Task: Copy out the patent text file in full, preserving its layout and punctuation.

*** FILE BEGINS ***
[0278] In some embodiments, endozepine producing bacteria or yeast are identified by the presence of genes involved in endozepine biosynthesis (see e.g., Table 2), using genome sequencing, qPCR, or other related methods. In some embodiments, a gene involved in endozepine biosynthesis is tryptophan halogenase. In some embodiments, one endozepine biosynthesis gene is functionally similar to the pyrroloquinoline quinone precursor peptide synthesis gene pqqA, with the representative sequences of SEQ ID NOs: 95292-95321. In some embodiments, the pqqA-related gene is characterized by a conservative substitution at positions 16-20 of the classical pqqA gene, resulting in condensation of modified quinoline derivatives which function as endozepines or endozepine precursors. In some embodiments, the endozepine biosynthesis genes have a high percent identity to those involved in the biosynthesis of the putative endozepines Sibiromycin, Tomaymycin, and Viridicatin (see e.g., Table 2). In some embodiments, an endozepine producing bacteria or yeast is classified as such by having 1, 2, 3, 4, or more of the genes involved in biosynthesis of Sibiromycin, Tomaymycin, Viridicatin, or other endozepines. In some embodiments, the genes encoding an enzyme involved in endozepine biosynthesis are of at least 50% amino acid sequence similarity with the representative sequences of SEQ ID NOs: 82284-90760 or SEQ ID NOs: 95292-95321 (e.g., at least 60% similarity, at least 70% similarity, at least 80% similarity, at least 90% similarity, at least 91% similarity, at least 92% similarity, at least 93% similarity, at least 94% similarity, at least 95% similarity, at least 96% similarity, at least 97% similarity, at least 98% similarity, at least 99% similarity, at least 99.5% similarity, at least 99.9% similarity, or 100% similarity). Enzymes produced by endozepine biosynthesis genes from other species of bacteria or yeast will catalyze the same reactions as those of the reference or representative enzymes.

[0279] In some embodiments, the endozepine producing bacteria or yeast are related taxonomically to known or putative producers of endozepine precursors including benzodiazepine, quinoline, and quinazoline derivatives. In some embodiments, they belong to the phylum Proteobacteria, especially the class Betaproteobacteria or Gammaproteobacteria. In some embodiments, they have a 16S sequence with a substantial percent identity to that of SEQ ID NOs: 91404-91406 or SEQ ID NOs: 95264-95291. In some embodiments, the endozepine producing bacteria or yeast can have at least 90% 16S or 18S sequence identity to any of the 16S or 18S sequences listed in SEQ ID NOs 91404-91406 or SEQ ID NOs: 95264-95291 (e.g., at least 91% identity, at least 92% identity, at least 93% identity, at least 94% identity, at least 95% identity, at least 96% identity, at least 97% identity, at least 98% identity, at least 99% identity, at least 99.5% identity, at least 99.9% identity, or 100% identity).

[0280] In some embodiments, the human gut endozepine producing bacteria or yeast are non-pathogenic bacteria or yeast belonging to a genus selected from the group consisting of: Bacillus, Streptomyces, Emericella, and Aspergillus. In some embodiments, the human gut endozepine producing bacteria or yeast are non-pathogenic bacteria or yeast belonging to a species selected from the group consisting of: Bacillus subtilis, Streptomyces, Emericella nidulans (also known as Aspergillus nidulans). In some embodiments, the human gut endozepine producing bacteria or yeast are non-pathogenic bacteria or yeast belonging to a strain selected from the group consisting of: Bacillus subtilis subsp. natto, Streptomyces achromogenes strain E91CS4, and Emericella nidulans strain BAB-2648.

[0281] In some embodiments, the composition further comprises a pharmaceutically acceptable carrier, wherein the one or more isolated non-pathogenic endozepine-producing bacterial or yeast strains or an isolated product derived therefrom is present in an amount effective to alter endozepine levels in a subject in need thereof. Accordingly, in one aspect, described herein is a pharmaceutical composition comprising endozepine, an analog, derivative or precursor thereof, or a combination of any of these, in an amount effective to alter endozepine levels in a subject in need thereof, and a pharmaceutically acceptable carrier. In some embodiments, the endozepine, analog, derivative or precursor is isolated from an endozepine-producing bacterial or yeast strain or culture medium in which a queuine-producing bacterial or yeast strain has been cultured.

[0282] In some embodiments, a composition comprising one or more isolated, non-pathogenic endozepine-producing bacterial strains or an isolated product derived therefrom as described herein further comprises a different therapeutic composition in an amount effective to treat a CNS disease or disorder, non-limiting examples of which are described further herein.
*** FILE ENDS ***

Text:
[0278] In some embodiments, endozepine producing bacteria or yeast are identified by the presence of genes involved in endozepine biosynthesis (see e.g., Table 2), using genome sequencing, qPCR, or other related methods. In some embodiments, a gene involved in endozepine biosynthesis is tryptophan halogenase. In some embodiments, one endozepine biosynthesis gene is functionally similar to the pyrroloquinoline quinone precursor peptide synthesis gene pqqA, with the representative sequences of SEQ ID NOs: 95292-95321. In some embodiments, the pqqA-related gene is characterized by a conservative substitution at positions 16-20 of the classical pqqA gene, resulting in condensation of modified quinoline derivatives which function as endozepines or endozepine precursors. In some embodiments, the endozepine biosynthesis genes have a high percent identity to those involved in the biosynthesis of the putative endozepines Sibiromycin, Tomaymycin, and Viridicatin (see e.g., Table 2). In some embodiments, an endozepine producing bacteria or yeast is classified as such by having 1, 2, 3, 4, or more of the genes involved in biosynthesis of Sibiromycin, Tomaymycin, Viridicatin, or other endozepines. In some embodiments, the genes encoding an enzyme involved in endozepine biosynthesis are of at least 50% amino acid sequence similarity with the representative sequences of SEQ ID NOs: 82284-90760 or SEQ ID NOs: 95292-95321 (e.g., at least 60% similarity, at least 70% similarity, at least 80% similarity, at least 90% similarity, at least 91% similarity, at least 92% similarity, at least 93% similarity, at least 94% similarity, at least 95% similarity, at least 96% similarity, at least 97% similarity, at least 98% similarity, at least 99% similarity, at least 99.5% similarity, at least 99.9% similarity, or 100% similarity). Enzymes produced by endozepine biosynthesis genes from other species of bacteria or yeast will catalyze the same reactions as those of the reference or representative enzymes.

[0279] In some embodiments, the endozepine producing bacteria or yeast are related taxonomically to known or putative producers of endozepine precursors including benzodiazepine, quinoline, and quinazoline derivatives. In some embodiments, they belong to the phylum Proteobacteria, especially the class Betaproteobacteria or Gammaproteobacteria. In some embodiments, they have a 16S sequence with a substantial percent identity to that of SEQ ID NOs: 91404-91406 or SEQ ID NOs: 95264-95291. In some embodiments, the endozepine producing bacteria or yeast can have at least 90% 16S or 18S sequence identity to any of the 16S or 18S sequences listed in SEQ ID NOs 91404-91406 or SEQ ID NOs: 95264-95291 (e.g., at least 91% identity, at least 92% identity, at least 93% identity, at least 94% identity, at least 95% identity, at least 96% identity, at least 97% identity, at least 98% identity, at least 99% identity, at least 99.5% identity, at least 99.9% identity, or 100% identity).

[0280] In some embodiments, the human gut endozepine producing bacteria or yeast are non-pathogenic bacteria or yeast belonging to a genus selected from the group consisting of: Bacillus, Streptomyces, Emericella, and Aspergillus. In some embodiments, the human gut endozepine producing bacteria or yeast are non-pathogenic bacteria or yeast belonging to a species selected from the group consisting of: Bacillus subtilis, Streptomyces, Emericella nidulans (also known as Aspergillus nidulans). In some embodiments, the human gut endozepine producing bacteria or yeast are non-pathogenic bacteria or yeast belonging to a strain selected from the group consisting of: Bacillus subtilis subsp. natto, Streptomyces achromogenes strain E91CS4, and Emericella nidulans strain BAB-2648.

[0281] In some embodiments, the composition further comprises a pharmaceutically acceptable carrier, wherein the one or more isolated non-pathogenic endozepine-producing bacterial or yeast strains or an isolated product derived therefrom is present in an amount effective to alter endozepine levels in a subject in need thereof. Accordingly, in one aspect, described herein is a pharmaceutical composition comprising endozepine, an analog, derivative or precursor thereof, or a combination of any of these, in an amount effective to alter endozepine levels in a subject in need thereof, and a pharmaceutically acceptable carrier. In some embodiments, the endozepine, analog, derivative or precursor is isolated from an endozepine-producing bacterial or yeast strain or culture medium in which a queuine-producing bacterial or yeast strain has been cultured.

[0282] In some embodiments, a composition comprising one or more isolated, non-pathogenic endozepine-producing bacterial strains or an isolated product derived therefrom as described herein further comprises a different therapeutic composition in an amount effective to treat a CNS disease or disorder, non-limiting examples of which are described further herein.